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Int. J. Environ. Res. Public Health 2017, 14(10), 1117;

How Fencing Affects the Soil Quality and Plant Biomass in the Grassland of the Loess Plateau

Key Laboratory of Plant Nutrition and the Agri-Environment in Northwest China, Ministry of Agriculture, College of Natural Resources and Environment, Northwest A&F University, Yangling 712100, China
These authors contributed equally to this work.
Author to whom correspondence should be addressed.
Received: 13 September 2017 / Revised: 21 September 2017 / Accepted: 21 September 2017 / Published: 25 September 2017
(This article belongs to the Section Environmental Science and Engineering)
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Overgrazing is a severe problem in several regions in Northwestern China and has caused serious land degradation. Secondary natural succession plays an important role in the accumulation of soil carbon and nitrogen contents. Estimating the effects of grazing exclusion on soil quality and plant diversity will improve our understanding of the succession process after overgrazing and promote judicious management of degraded pastures. This experiment was designed to measure soil properties and plant diversity following an age chronosequence of grasslands (ages ranged from one year, 12 years, 20 years, and 30 years) in Northwestern China. The results showed that continuous fencing resulted in a considerable increase in plant coverage, plant biomass (above- and below-ground biomass), and plant diversity, which can directly or indirectly improve the accumulation of soil organic carbon and total nitrogen content. The plant coverage and the above- and below-ground biomass linearly increased along the succession time, whereas soil organic C and N contents showed a significant decline in the first 12 years and, subsequently, a significant increase. The increased plant biomass caused an increase in soil organic carbon and soil total nitrogen. These results suggested that soil restoration and plant cover were an incongruous process. Generally, soil restoration is a slow process and falls behind vegetation recovery after grazing exclusion. Although the accumulation of soil C and N stocks needed a long term, vegetation restoration was a considerable option for the degraded grassland due to the significant increase of plant biomass, diversity, and soil C and N stocks. Therefore, fencing with natural succession should be considered in the design of future degraded pastures. View Full-Text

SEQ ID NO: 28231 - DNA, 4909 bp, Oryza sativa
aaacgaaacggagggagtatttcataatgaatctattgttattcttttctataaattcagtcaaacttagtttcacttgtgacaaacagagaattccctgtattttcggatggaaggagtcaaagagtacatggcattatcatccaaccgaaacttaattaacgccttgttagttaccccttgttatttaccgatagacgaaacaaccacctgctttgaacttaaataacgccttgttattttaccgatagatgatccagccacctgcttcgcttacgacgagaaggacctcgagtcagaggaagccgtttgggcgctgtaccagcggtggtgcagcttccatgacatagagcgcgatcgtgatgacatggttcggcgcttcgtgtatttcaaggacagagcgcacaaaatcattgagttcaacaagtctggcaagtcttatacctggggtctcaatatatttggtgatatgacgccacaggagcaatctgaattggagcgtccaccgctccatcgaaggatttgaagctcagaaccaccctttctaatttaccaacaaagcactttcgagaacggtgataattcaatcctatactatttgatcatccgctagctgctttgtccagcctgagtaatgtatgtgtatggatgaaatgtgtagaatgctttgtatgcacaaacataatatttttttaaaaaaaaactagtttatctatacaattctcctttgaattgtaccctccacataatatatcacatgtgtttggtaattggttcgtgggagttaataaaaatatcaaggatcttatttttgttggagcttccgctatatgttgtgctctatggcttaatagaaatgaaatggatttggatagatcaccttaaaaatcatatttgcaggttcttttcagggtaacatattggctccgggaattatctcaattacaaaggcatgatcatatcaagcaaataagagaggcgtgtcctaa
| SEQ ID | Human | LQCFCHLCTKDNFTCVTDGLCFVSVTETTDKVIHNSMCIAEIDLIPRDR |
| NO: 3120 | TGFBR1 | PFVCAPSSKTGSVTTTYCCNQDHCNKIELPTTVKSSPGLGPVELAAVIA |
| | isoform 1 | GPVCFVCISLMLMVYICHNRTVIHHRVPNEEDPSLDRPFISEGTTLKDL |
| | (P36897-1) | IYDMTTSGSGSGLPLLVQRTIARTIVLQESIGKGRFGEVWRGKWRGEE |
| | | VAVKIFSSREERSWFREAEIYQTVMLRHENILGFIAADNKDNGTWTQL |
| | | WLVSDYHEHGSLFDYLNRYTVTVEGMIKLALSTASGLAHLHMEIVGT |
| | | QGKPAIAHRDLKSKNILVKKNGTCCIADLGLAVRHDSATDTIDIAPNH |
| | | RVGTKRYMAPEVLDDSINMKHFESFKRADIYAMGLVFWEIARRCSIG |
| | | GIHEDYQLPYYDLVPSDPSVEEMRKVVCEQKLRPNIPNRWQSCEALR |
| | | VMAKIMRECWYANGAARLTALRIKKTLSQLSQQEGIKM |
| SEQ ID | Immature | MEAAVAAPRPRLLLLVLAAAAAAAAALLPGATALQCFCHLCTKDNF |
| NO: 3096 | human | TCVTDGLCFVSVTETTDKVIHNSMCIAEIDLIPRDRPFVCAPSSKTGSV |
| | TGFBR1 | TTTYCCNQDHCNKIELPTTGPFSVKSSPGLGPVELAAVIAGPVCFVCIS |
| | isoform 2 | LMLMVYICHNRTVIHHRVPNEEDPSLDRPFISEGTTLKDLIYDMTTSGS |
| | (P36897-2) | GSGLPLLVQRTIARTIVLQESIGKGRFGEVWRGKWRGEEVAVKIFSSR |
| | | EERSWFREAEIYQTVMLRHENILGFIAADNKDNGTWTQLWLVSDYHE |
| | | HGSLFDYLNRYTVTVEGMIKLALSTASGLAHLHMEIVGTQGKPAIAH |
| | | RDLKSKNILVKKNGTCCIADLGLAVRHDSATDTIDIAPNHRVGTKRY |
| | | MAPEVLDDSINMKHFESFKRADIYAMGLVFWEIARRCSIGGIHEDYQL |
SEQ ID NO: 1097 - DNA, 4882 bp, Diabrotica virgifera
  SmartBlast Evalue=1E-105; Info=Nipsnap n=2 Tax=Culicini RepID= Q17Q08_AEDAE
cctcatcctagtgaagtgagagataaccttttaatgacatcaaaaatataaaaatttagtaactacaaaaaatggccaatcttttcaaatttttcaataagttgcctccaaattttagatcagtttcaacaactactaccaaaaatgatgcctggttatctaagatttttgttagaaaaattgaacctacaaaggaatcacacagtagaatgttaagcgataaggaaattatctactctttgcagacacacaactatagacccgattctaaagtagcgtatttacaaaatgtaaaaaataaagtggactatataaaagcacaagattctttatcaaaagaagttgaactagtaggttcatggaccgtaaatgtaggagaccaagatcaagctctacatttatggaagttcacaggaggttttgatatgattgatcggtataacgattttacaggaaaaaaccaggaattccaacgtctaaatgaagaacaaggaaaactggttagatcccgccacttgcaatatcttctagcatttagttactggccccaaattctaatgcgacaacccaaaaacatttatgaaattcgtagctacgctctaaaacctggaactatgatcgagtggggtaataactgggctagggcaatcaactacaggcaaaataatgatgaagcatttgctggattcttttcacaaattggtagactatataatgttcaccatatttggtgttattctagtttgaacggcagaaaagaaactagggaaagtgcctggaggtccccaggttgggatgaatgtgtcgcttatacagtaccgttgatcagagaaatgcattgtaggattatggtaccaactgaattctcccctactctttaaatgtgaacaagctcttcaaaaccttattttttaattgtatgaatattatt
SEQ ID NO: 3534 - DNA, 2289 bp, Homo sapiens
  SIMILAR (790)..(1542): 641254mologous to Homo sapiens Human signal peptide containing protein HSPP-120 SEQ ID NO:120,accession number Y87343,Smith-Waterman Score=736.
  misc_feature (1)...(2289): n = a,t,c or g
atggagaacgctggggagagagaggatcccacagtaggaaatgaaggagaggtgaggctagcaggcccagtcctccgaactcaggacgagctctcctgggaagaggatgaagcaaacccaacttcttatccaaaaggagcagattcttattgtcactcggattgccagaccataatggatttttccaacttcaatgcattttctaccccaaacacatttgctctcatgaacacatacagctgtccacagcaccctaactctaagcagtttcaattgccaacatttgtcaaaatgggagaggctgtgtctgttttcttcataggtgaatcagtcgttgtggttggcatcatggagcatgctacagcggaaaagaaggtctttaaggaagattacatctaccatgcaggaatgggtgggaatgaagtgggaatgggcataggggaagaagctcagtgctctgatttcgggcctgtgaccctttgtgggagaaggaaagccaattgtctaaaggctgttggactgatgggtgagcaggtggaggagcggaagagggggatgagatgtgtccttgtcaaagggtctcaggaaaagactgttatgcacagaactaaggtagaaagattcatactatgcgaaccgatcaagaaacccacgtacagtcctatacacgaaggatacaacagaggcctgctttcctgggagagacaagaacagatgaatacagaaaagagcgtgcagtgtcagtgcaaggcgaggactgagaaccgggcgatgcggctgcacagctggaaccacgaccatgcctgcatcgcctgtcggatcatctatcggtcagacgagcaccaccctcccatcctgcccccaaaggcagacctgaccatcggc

Keywords: above-ground biomass; carbon stocks; grazing exclusion; plant diversity; succession time above-ground biomass; carbon stocks; grazing exclusion; plant diversity; succession time

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Zeng, Q.; Liu, Y.; Xiao, L.; Huang, Y. How Fencing Affects the Soil Quality and Plant Biomass in the Grassland of the Loess Plateau. Int. J. Environ. Res. Public Health 2017, 14, 1117.

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